Hibernators have adapted a physiological mechanism allowing them to undergo long periods of inactivity without experiencing bone loss. However, the biological mechanisms that prevent bone loss are unknown. Previous studies found meaningful changes, between active and hibernating marmots, in the endocannabinoid system of many tissues, including bone. Cannabinoid receptors (CB1 and CB2) have divergent localization in bone. CB1 is predominately found on sympathetic nerve terminals, while CB2 is more abundant on bone cells and their progenitors. This study aimed to determine the contribution of innervation on endocannabinoid regulation of bone properties in hibernating (during torpor) and non-hibernating yellow-bellied marmots. Neurectomy, a model for disuse osteoporosis, was performed unilaterally in both hibernating and active marmots. Endocannabinoid concentrations were measured in bone marrow, cortical, and trabecular regions from fourth metatarsals of both hindlimbs using microflow chromatography-tandem quadrupole mass spectrometry. Trabecular bone architectural properties of fifth metatarsals were evaluated using micro-computed tomography. There were ligand-specific increases with neurectomy in active, but not hibernating, marmots. Trabecular bone architectural properties were not affected by neurectomy during hibernation, but did show some minor negative changes in active marmots. These findings suggest protection from bone loss in hibernating rodents is peripherally rather than centrally regulated. Furthermore, findings suggest even active marmots with normal metabolism are partially protected from disuse induced bone loss compared to laboratory rodents. Understanding the mechanism hibernators use to maintain bone density may guide development for novel bone loss prevention therapies.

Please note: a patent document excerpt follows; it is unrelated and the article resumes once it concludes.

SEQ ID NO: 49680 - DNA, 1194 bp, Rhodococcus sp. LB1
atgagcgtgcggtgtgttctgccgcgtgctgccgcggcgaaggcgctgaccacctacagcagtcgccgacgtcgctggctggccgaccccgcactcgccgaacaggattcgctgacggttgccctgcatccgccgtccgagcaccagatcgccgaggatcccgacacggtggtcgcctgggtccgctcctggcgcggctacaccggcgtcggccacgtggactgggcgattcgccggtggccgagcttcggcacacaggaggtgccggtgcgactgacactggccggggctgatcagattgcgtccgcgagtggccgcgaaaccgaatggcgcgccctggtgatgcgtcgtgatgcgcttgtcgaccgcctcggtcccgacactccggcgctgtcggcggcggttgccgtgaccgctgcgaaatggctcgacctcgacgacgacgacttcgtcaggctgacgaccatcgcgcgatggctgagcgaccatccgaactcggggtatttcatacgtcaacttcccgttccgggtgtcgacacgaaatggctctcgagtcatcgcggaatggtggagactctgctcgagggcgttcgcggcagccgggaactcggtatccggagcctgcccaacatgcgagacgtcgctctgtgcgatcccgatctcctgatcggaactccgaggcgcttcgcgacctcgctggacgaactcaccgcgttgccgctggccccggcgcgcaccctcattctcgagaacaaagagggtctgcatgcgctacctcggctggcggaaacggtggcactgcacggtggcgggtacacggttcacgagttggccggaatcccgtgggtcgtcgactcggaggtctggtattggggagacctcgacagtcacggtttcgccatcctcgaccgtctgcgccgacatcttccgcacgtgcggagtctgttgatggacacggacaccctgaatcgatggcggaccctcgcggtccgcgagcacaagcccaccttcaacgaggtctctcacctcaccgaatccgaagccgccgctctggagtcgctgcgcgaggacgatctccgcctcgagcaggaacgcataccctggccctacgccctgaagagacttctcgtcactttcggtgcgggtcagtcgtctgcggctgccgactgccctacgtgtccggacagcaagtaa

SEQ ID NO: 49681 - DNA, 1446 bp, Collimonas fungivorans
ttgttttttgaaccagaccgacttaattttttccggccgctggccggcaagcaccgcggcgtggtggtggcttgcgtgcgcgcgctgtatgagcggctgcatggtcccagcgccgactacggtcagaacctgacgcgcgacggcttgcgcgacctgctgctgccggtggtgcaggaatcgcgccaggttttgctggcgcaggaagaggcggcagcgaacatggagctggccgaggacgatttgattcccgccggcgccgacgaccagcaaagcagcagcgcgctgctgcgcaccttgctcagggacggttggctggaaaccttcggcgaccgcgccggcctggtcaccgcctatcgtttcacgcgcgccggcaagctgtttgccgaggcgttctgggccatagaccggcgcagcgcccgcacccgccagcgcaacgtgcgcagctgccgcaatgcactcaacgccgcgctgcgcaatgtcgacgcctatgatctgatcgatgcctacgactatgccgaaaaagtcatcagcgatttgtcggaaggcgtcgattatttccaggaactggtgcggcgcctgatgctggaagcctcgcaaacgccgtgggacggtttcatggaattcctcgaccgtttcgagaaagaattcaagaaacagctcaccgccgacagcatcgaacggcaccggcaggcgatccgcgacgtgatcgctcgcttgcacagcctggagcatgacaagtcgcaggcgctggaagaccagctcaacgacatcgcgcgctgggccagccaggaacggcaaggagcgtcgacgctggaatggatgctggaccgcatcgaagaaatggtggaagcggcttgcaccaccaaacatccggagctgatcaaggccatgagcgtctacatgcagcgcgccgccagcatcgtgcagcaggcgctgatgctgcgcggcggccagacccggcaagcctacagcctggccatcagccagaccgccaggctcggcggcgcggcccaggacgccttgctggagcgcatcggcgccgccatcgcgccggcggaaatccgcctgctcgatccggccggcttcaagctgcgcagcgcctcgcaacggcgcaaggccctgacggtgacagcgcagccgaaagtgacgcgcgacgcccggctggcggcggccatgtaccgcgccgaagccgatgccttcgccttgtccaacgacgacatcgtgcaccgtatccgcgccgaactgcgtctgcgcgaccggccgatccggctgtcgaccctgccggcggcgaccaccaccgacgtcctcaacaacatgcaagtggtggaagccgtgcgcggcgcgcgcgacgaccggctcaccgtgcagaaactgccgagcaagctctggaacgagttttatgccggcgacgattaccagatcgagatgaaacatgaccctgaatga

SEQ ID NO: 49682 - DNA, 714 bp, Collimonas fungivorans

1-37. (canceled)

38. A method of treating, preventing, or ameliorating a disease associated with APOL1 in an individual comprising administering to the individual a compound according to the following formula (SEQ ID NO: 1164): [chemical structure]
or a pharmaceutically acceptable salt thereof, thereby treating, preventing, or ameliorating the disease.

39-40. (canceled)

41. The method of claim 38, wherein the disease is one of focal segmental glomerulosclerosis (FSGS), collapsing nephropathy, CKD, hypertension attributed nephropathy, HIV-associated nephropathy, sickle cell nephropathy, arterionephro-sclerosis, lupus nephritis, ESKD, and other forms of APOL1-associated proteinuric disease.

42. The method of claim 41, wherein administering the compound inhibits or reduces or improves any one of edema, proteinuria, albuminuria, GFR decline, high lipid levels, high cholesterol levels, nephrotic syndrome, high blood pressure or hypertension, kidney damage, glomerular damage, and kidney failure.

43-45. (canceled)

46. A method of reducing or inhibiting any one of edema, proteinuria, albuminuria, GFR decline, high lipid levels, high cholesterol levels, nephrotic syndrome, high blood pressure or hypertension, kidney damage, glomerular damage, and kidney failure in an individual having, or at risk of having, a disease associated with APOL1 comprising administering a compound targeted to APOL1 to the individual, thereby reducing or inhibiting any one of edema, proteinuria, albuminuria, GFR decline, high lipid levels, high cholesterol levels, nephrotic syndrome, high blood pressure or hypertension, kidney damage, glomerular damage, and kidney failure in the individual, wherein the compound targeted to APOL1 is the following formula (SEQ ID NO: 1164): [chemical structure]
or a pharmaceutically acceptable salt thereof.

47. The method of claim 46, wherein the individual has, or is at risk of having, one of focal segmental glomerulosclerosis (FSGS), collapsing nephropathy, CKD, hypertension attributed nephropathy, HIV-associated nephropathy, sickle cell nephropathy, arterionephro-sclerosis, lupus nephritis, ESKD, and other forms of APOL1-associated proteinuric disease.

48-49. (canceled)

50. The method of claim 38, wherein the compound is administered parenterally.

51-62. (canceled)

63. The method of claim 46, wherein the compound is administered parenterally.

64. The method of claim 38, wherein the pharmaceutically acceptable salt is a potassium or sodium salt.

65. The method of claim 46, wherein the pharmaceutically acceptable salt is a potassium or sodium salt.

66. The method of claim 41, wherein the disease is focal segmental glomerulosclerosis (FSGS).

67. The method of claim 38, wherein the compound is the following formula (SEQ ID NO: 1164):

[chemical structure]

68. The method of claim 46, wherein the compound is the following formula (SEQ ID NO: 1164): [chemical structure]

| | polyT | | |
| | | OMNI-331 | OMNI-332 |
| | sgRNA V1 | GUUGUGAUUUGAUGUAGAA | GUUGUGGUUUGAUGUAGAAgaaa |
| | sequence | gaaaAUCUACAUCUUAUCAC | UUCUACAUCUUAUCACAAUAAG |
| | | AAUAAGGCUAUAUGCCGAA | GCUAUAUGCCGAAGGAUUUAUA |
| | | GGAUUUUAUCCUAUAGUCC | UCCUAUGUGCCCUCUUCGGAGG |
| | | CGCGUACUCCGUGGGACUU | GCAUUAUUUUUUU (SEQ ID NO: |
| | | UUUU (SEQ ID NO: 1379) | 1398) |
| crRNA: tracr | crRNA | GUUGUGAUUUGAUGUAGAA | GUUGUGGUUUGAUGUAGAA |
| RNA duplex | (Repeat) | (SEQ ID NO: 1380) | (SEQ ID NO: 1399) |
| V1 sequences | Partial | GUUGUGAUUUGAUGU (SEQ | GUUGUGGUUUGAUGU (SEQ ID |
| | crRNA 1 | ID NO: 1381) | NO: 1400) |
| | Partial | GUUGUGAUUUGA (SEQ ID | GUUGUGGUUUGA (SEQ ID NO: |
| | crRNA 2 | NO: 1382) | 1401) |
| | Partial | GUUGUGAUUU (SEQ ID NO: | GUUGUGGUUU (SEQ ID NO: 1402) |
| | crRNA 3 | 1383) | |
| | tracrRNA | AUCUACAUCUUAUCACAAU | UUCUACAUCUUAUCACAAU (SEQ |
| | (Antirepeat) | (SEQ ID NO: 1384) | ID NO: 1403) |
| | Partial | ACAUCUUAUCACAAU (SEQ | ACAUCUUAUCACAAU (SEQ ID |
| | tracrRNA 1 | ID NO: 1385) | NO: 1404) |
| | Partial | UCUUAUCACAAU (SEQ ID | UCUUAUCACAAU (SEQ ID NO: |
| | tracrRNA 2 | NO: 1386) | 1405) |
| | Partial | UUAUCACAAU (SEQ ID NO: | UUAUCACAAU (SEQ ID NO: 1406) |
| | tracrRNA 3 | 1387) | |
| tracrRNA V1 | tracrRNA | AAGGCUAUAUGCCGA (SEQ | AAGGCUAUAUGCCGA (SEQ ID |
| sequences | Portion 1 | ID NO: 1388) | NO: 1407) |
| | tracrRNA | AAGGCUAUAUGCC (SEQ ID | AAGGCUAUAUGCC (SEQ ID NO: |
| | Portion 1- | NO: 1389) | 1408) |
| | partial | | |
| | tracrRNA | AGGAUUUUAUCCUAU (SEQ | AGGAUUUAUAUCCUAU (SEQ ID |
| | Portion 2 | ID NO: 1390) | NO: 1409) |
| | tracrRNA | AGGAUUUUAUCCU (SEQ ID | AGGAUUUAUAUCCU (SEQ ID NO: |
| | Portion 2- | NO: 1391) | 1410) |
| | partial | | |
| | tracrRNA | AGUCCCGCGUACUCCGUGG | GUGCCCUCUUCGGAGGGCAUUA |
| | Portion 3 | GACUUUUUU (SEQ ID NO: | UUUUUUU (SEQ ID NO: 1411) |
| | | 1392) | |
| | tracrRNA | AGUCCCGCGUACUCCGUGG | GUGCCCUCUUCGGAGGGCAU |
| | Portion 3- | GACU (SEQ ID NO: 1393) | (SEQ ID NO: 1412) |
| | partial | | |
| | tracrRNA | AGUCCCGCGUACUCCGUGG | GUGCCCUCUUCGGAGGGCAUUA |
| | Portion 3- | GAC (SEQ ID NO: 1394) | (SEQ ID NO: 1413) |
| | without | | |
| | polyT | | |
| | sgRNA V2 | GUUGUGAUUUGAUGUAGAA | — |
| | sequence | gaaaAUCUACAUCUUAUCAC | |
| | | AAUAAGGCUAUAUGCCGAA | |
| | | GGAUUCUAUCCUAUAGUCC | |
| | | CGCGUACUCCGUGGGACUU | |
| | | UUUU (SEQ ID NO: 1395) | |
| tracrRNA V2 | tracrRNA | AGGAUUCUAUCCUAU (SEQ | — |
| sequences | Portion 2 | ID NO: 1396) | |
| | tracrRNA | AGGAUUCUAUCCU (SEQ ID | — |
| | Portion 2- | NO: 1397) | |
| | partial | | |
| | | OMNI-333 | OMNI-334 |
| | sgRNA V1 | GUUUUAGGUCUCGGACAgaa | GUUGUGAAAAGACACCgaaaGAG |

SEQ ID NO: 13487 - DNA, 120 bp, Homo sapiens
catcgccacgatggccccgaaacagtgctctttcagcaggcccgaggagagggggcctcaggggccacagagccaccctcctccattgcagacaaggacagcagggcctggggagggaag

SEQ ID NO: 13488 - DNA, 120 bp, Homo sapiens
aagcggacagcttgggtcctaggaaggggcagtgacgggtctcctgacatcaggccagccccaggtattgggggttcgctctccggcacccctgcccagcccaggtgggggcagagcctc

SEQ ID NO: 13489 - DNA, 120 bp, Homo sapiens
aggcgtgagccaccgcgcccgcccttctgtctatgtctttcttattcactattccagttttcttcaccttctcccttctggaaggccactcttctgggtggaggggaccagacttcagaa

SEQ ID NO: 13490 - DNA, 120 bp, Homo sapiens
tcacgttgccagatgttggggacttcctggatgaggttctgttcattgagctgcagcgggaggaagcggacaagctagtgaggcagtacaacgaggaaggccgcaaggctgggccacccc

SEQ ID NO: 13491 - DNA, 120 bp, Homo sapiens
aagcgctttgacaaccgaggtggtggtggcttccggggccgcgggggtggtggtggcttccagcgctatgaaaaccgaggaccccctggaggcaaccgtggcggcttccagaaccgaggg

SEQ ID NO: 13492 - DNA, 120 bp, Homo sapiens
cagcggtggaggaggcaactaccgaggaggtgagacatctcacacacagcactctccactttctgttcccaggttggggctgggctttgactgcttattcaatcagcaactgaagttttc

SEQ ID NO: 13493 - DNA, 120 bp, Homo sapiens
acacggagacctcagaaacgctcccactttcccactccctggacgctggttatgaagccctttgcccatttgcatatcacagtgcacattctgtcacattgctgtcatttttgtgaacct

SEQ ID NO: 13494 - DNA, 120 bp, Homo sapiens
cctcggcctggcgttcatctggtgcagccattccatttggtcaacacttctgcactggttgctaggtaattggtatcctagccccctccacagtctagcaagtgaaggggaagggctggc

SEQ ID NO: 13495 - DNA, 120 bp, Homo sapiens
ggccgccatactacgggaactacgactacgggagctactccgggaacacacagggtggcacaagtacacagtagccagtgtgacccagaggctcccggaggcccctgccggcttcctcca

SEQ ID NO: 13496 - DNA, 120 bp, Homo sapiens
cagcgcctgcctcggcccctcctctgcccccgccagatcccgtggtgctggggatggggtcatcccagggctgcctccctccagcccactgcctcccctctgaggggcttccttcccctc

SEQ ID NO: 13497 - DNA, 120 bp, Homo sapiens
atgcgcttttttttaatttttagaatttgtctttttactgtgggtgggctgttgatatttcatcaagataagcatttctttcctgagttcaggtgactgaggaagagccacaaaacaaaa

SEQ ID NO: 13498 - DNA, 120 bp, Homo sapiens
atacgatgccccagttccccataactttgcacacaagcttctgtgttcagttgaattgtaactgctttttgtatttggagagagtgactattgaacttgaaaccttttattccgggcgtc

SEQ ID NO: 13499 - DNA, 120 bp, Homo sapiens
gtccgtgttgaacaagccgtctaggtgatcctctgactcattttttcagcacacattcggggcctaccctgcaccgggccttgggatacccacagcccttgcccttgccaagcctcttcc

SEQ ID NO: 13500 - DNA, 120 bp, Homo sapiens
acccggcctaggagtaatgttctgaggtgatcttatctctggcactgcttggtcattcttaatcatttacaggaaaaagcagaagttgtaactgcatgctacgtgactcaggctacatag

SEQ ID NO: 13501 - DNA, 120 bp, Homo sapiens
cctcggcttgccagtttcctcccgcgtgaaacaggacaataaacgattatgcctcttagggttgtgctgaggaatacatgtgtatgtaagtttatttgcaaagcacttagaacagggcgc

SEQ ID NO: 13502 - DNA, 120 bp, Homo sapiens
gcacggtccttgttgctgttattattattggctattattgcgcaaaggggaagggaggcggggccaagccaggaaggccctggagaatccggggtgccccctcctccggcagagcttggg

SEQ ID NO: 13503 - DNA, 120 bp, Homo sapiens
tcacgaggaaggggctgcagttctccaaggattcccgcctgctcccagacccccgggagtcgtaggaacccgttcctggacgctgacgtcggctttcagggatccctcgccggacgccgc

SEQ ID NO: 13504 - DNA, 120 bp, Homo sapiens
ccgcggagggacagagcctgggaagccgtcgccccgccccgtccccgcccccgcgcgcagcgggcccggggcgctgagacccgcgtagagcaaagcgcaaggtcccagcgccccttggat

Copyright © 2019. Published by Elsevier Inc.